To keep these factors minimized, the adverse conditions in a wireless environment must be controlled. For example, a source of interference can cause packet errors that interrupt a voice or video stream. As packets are lost, they can be retransmitted and delayed, increasing latency and jitter. Other factors like poor radio frequency (RF) coverage, high channel utilization, and excessive collisions can also impede good data throughput and integrity.

As you look closely at client devices and their applications, think about the many wireless features and mechanisms that you can use to make improvements to your network. A good AP layout can address RF coverage, expected client density, efficient roaming, and so on. Disabling lower data rates, enabling transmit beamforming, and load balancing clients across APs are some examples of ways to improve efficiency and throughput. Leveraging CleanAir can detect and help mitigate interfering sources and rogue APs.

The following sections provide an overview of a few client types that you will encounter. You should know how to configure the clients to join a wireless network and how to verify proper operation. There are many other types of client devices too—wireless phones, voice communication badges, asset location tags, tablets, printers, bar code scanners, cameras, and even specialized items such as hospital beds and IV pumps. All of these devices need to coexist and work properly, and you will need to figure out how to best accomplish that.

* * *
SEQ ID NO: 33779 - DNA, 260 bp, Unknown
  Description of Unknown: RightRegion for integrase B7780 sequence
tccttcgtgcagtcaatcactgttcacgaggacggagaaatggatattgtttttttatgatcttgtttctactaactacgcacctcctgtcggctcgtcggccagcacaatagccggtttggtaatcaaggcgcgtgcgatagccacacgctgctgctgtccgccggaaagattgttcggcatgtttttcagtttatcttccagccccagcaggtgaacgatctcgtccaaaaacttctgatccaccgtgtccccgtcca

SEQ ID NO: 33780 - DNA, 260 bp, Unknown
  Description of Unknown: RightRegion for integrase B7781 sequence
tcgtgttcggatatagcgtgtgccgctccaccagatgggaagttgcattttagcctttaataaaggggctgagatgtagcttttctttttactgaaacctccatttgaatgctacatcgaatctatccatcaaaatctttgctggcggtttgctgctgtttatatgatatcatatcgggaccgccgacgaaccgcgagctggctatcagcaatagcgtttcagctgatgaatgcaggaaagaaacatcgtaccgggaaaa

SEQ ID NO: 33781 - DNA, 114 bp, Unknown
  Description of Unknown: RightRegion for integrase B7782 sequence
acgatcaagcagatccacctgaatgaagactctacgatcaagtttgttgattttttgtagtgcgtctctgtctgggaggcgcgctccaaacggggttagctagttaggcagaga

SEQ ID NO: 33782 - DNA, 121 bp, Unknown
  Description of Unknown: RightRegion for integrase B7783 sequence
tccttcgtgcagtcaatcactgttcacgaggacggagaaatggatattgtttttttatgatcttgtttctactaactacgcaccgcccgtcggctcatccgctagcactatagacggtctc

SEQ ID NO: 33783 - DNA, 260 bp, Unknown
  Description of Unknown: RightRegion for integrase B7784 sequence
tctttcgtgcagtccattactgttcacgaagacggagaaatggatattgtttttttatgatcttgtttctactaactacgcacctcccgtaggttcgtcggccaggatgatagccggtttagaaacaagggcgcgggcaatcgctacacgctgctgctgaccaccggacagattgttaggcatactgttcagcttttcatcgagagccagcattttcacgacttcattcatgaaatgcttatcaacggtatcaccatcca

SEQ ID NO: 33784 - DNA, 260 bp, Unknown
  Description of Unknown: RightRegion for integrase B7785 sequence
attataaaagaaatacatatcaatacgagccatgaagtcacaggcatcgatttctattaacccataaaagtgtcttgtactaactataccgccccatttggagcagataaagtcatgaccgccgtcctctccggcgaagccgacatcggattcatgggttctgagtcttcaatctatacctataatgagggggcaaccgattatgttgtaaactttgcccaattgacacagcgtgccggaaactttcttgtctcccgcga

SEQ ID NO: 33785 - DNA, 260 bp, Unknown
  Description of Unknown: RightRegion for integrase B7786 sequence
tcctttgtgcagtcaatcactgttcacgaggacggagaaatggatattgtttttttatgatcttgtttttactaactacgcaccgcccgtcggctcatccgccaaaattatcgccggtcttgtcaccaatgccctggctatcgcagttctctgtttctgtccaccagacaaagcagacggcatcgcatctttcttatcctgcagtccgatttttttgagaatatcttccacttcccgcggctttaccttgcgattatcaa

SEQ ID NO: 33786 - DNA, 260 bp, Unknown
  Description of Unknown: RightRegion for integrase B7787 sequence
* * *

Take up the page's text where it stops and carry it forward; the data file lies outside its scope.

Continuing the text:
Understanding Windows Wi-Fi

Microsoft Windows 7, 8.1, and 10 all include a stock wireless client that offers basic connectivity options. The configuration is very similar in each operating system, with only slight differences in the GUI. To access the wireless client, first use the actions in Table 17-2 to look for the wireless icon that indicates the current network status. If the machine is currently connected, the icon shows a sequence of bars or arcs to indicate the received signal strength indicator (RSSI) from the AP. If it is not connected, the icon will show gray bars and a star or asterisk instead.